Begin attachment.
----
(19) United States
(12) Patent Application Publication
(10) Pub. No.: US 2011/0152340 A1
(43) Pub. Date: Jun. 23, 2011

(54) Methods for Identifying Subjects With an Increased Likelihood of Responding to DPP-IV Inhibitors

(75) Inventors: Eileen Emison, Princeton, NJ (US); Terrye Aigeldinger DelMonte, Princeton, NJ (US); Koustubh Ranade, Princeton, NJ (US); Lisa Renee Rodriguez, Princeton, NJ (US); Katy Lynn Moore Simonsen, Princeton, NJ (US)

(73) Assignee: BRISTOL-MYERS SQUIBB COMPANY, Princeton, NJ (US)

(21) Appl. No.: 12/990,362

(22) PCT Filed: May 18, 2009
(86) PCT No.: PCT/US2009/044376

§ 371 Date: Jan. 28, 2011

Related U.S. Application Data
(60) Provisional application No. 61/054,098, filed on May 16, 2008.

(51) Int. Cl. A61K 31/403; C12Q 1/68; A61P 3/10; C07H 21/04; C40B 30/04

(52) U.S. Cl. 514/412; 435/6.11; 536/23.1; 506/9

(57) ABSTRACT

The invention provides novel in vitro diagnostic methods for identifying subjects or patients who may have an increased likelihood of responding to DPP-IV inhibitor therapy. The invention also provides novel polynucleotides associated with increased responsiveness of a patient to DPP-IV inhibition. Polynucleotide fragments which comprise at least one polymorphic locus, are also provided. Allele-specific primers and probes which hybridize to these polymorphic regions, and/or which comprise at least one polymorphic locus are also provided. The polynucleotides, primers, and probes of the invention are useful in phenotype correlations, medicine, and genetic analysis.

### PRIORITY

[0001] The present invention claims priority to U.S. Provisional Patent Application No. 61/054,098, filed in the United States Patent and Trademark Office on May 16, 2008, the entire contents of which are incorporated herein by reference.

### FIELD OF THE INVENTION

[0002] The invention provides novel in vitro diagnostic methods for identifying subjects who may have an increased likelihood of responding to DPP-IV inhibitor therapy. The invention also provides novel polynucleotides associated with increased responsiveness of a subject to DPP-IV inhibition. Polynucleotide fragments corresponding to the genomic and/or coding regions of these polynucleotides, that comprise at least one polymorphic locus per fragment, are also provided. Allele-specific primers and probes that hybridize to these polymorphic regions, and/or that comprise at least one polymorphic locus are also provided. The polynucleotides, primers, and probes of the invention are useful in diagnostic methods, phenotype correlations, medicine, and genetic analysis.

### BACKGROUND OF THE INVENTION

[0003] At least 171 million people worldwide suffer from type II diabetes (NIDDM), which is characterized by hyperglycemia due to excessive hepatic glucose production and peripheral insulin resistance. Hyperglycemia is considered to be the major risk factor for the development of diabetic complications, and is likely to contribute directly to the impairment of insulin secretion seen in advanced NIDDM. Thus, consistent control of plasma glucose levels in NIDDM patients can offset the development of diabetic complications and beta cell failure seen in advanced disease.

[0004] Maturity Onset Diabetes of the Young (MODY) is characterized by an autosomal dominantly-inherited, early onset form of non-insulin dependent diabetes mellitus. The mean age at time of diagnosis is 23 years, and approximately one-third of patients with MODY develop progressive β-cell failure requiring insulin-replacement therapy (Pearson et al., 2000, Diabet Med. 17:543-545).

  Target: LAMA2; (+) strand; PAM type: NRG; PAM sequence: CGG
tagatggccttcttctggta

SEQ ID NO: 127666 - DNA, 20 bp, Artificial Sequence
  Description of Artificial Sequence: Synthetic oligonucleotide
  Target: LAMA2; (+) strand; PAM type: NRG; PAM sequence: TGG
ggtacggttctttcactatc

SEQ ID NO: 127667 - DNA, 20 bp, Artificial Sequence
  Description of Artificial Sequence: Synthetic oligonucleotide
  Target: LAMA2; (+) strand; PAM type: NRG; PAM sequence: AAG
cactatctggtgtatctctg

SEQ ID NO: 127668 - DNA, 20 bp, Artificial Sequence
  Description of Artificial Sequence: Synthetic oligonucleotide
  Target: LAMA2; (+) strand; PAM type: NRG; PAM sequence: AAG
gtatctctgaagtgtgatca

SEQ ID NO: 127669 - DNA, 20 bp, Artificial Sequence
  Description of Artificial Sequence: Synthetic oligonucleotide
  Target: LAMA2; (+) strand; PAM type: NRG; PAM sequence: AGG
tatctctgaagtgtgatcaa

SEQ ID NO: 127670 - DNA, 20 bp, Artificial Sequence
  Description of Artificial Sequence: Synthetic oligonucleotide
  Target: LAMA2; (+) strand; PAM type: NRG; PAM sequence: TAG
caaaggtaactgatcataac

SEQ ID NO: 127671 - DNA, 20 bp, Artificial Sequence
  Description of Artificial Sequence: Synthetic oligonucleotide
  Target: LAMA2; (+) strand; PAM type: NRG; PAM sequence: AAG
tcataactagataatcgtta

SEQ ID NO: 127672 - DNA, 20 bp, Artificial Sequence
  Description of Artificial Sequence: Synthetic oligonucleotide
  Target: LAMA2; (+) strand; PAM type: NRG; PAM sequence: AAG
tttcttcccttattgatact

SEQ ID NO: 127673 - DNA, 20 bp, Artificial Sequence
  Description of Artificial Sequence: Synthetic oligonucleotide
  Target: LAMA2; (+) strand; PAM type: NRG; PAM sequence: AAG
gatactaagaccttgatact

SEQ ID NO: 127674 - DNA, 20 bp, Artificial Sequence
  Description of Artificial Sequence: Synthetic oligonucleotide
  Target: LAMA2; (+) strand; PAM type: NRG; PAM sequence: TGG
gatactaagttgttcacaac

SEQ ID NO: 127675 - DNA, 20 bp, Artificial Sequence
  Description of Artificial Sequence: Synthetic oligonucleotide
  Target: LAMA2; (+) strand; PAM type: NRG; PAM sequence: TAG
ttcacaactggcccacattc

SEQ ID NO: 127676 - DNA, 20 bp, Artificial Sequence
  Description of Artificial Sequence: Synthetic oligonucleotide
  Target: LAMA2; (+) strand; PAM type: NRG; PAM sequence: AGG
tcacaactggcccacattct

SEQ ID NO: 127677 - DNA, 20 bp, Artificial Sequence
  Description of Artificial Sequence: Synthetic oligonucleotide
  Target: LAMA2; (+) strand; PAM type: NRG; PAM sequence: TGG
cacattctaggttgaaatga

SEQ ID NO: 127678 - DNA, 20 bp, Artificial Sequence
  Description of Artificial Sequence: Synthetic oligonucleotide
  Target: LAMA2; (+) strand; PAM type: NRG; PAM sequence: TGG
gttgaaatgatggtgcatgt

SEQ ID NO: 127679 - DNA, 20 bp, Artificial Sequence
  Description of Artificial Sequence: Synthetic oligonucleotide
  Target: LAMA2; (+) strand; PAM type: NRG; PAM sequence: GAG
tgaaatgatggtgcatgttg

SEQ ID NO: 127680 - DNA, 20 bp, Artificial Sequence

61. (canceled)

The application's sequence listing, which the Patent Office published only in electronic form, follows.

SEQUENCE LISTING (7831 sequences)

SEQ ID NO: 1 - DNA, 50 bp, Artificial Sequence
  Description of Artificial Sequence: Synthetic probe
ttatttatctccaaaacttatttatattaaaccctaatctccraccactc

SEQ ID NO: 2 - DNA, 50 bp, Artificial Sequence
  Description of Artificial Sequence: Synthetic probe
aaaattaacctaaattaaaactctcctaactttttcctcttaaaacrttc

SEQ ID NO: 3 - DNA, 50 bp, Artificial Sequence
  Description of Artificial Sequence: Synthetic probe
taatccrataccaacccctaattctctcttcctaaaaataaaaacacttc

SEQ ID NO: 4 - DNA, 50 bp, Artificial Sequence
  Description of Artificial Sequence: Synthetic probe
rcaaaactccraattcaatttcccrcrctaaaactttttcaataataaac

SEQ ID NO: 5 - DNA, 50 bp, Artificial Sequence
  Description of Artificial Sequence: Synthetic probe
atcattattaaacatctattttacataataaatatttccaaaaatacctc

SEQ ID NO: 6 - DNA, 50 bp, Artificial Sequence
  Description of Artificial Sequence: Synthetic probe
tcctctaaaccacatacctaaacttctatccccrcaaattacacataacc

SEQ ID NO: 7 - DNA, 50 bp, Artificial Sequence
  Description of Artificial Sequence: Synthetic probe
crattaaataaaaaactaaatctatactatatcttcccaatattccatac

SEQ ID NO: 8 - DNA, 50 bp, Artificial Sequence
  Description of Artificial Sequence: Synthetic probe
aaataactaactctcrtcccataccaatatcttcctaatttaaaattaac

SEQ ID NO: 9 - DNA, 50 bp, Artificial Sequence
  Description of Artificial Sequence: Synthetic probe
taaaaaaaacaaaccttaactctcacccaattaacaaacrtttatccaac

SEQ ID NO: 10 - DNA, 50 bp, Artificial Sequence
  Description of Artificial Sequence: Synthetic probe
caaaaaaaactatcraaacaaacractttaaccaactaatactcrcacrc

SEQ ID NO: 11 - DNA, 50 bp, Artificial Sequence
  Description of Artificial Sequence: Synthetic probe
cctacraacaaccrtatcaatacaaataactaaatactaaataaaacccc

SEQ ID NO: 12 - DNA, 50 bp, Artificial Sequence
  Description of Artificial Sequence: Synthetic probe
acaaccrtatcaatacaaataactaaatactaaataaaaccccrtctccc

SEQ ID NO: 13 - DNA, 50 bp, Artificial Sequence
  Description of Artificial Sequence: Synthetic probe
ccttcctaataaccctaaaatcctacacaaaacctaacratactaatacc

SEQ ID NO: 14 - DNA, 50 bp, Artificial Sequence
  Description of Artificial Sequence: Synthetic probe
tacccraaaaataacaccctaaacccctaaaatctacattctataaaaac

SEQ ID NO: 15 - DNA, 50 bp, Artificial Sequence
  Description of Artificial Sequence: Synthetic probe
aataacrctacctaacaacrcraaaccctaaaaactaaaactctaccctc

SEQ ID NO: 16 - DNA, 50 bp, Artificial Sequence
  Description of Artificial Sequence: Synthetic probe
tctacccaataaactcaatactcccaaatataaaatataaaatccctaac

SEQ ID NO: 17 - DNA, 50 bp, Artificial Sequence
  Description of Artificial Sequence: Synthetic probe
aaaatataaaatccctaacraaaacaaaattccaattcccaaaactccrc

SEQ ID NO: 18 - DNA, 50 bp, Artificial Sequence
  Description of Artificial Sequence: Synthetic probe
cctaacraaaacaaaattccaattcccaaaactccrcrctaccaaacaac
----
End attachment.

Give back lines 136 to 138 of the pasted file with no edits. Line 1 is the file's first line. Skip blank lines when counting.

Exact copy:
  Description of Artificial Sequence: Synthetic probe
aaaatataaaatccctaacraaaacaaaattccaattcccaaaactccrc

SEQ ID NO: 18 - DNA, 50 bp, Artificial Sequence